Curr. Sports Med. Rep. 2019; 18: 452-457
        • Hadjimichael O.
        • Kerns R.D.
        • Rizzo M.A.
        • Cutter G.
        • Vollmer T.
        Persistent pain and uncomfortable sensations in persons with multiple sclerosis.
        Pain. 2007; 127: 35-41
        • Jones C.D.
        • Motl R.
        • Sandroff B.M.
        Depression in multiple sclerosis: is one approach for its management enough?.
        Mult. Scler. Relat. Disord. 2021; 51102904
        • Kara B.
        • Küçük F.
        • Poyraz E.C.
        • Tomruk M.S.
        • İdıman E.
        Different types of exercise in Multiple Sclerosis: aerobic exercise or Pilates, a single-blind clinical study.
        J. Back Musculoskelet Rehabil. 2017; 30: 565-573
        • Krupp L.B.
        Fatigue in multiple sclerosis: definition, pathophysiology and treatment.
        CNS Drugs. 2003; 17: 225-234
        • Kucuk F.
        • Kara B.
        • Coskuner P.
        • Idiman E.
        Improvements in cognition, quality of life, and physical performance with clinical pilates in multiple sclerosis: a randomized controlled trial.
        J. Phys. Ther. Sci. 2016; : 761-768
        • Maher C.G.
        • Sherrington C.
        • Herbert R.D.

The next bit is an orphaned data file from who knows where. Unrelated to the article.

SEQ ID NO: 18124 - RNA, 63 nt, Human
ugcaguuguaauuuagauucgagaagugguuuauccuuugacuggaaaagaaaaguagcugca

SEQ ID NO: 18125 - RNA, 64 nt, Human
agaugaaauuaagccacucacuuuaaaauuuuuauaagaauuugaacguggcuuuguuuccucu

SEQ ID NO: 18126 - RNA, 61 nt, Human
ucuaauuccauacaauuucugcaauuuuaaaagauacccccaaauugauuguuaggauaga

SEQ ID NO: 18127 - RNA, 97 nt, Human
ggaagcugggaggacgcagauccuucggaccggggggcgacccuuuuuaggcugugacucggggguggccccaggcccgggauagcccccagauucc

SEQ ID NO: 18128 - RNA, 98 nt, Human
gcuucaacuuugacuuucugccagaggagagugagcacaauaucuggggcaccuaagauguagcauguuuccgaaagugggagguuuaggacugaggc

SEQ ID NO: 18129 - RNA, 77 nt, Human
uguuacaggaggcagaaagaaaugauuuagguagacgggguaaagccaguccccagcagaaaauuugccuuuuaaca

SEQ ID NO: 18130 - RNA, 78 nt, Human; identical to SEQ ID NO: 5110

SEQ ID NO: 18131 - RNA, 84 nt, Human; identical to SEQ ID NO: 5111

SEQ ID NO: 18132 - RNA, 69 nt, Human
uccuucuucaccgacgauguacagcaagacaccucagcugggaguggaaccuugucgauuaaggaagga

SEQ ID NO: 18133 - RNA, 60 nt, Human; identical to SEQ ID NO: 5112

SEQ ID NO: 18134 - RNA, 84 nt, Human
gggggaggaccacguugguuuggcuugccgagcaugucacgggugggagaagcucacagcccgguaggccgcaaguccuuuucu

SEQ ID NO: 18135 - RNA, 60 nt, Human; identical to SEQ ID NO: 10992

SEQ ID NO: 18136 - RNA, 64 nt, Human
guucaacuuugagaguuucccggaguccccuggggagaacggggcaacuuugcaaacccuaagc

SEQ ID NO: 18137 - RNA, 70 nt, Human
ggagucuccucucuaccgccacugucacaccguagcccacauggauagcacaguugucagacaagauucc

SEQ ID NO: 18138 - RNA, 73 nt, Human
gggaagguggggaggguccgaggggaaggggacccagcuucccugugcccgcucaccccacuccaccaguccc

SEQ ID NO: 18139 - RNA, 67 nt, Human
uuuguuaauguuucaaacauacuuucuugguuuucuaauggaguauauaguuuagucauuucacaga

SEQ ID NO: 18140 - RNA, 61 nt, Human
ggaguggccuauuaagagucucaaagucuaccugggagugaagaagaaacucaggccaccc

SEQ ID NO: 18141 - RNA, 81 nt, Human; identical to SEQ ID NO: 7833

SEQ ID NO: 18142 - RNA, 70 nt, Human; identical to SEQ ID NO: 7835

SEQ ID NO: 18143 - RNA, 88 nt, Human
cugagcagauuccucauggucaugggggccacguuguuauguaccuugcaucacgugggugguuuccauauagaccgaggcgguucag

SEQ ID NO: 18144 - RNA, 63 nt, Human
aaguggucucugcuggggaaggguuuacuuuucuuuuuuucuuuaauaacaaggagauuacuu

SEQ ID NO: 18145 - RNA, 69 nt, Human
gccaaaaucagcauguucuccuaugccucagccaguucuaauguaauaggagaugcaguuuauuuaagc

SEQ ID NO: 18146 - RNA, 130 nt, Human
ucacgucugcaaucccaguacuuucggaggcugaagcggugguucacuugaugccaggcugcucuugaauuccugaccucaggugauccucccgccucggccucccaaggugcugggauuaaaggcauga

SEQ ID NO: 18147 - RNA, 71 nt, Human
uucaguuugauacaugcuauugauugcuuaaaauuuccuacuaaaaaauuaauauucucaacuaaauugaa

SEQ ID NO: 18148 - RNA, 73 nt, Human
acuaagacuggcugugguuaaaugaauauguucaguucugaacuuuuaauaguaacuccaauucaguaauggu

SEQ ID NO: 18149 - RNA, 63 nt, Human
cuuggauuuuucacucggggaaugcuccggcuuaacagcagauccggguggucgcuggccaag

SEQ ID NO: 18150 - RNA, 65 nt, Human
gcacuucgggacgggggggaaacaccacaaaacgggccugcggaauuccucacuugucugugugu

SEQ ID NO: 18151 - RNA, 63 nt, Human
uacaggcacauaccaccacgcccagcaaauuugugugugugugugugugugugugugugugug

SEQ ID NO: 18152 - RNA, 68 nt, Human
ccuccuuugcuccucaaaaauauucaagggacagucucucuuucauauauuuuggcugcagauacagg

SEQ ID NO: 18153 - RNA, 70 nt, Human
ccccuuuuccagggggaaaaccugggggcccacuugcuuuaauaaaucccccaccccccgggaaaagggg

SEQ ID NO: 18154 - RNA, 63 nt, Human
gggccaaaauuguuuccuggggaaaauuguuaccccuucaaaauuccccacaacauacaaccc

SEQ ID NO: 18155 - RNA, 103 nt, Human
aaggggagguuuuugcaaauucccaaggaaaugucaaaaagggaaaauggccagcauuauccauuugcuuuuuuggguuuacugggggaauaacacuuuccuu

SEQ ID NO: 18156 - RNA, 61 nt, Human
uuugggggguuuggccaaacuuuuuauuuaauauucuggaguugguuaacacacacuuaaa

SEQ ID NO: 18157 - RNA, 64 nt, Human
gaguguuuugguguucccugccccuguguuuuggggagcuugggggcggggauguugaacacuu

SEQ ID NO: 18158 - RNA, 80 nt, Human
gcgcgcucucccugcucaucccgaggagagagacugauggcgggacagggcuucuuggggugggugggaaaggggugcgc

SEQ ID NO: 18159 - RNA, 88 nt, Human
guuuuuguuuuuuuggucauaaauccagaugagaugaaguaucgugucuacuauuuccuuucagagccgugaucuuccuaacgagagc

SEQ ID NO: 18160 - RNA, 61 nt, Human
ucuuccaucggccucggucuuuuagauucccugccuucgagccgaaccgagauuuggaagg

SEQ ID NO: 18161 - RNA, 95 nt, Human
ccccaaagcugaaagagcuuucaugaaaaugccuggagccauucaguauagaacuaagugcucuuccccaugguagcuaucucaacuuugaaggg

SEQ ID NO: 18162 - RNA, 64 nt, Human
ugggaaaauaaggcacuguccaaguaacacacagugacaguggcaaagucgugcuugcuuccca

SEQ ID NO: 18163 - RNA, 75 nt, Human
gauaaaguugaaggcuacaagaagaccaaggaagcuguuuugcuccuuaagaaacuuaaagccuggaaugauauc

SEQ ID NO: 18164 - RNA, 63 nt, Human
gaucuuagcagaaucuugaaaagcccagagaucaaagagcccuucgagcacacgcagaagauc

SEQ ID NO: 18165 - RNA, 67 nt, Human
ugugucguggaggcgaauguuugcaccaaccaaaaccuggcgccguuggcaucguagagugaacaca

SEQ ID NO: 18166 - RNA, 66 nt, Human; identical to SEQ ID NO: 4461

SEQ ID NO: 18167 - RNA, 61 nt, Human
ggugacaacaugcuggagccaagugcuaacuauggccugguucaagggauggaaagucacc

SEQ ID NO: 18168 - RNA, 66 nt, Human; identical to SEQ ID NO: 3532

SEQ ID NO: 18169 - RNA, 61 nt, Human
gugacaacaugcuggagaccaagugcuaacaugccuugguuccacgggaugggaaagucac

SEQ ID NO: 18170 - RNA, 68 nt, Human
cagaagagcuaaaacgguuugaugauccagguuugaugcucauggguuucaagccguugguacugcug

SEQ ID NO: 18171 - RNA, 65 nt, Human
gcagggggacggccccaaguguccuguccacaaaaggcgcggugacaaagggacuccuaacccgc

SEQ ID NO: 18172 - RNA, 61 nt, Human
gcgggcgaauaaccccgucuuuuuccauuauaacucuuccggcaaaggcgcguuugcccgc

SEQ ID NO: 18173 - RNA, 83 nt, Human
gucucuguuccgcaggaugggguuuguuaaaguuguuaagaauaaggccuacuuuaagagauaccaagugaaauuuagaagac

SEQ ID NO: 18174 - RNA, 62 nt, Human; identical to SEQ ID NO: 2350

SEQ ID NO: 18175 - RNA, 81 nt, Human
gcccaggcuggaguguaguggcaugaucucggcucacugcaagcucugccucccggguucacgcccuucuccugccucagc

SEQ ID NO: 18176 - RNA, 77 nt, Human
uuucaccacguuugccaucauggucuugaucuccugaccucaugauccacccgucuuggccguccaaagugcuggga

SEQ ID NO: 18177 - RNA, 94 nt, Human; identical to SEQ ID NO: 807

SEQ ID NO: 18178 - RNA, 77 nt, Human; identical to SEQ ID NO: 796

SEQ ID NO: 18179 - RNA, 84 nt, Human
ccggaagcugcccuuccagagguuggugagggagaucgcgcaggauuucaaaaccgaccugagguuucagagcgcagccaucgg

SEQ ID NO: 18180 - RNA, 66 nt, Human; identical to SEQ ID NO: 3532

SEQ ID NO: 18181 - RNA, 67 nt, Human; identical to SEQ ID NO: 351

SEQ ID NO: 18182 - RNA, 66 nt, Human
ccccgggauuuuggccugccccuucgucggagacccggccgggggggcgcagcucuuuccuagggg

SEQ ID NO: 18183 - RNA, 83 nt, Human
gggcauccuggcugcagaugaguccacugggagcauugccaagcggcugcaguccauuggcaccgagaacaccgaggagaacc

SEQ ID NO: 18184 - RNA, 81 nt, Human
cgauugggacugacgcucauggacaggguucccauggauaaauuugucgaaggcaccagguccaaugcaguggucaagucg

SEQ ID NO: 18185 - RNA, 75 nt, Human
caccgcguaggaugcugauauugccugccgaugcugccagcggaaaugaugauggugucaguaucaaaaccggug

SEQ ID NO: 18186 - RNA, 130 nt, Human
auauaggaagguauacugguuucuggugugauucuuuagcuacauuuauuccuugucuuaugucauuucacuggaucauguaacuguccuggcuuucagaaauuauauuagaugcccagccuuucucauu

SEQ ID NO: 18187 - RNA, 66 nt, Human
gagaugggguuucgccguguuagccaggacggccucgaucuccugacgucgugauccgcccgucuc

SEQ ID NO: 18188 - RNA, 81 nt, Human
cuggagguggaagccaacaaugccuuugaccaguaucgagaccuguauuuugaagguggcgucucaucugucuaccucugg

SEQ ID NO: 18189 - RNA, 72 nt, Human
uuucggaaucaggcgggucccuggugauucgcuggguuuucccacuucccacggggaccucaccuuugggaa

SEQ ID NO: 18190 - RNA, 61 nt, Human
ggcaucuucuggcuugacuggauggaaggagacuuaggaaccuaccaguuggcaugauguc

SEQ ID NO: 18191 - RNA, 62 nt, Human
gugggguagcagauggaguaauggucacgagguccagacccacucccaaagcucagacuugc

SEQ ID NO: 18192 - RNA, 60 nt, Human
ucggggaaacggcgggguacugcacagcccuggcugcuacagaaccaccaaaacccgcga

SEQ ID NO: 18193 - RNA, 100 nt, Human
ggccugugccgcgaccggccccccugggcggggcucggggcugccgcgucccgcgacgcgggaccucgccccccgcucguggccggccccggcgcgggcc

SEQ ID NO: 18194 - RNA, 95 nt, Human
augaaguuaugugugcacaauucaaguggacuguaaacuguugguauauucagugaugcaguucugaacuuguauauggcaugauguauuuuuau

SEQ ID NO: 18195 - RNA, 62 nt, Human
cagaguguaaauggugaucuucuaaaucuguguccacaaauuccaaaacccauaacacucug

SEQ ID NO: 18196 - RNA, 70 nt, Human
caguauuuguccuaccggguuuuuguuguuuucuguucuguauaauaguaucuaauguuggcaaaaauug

• Moseley A.M.
        • Elkins M.
        Reliability of the PEDro scale for rating quality of randomized controlled trials.
        Phys. Ther. 2003; 83: 713-721
        • Moore P.
        • Hirst C.
        • Harding K.E.
        • Clarkson H.
        • Pickersgill T.P.
        • Robertson N.P.
        Multiple sclerosis relapses and depression.
        J. Psychosom. Res. 2012; 73: 272-276
        • Motl R.W.
        • Pilutti L.A.
        The benefits of exercise training in multiple sclerosis.
        Nat. Rev. Neurol. 2012; 8: 487-497
        • Negaresh R.
        • Motl R.
        • Mokhtarzade M.
        • Ranjbar R.
        • Majdinasab N.
        • Khodadoost M.
        • Zimmer P.
        • Baker S.J.
        • Patel D.
        Effect of Short-Term Interval Exercise Training on Fatigue, Depression, and Fitness in Normal Weight vs. Overweight Person With Multiple Sclerosis.
        End-to-end J. 2019; 15: 134-141
        • Ozdogar T.A.
        • Ertekin O.
        • Kahraman T.
        • Yigit P.
        • Ozakbas S.
        Effect of video-based exergaming on arm and cognitive function in persons with multiple sclerosis: a randomized controlled trial.
        Mult. Scler. Relat. Disord. 2020; 40101966
        • Ozkul C.
        • Guclu-Gunduz A.
        • Eldemir A.
        • Apaydin Y.
        • Yazici G.
        • Irkec C.
        Combined exercise training improves cognitive functions in multiple sclerosis patients with cognitive impairment: a single-blinded randomized controlled trial.
        Mult. Scler. Relat. Disord. 2020; 45102419
        • Ozsoy-Unubol T.
        • Ata E.
        • Cavlak M.
        • Demir S.
        • Candan S.
        • Yilmaz F.
        Effects of Robot-Assisted Gait Training in Patients With Multiple Sclerosis: a Single-Blinded Randomized Controlled Study.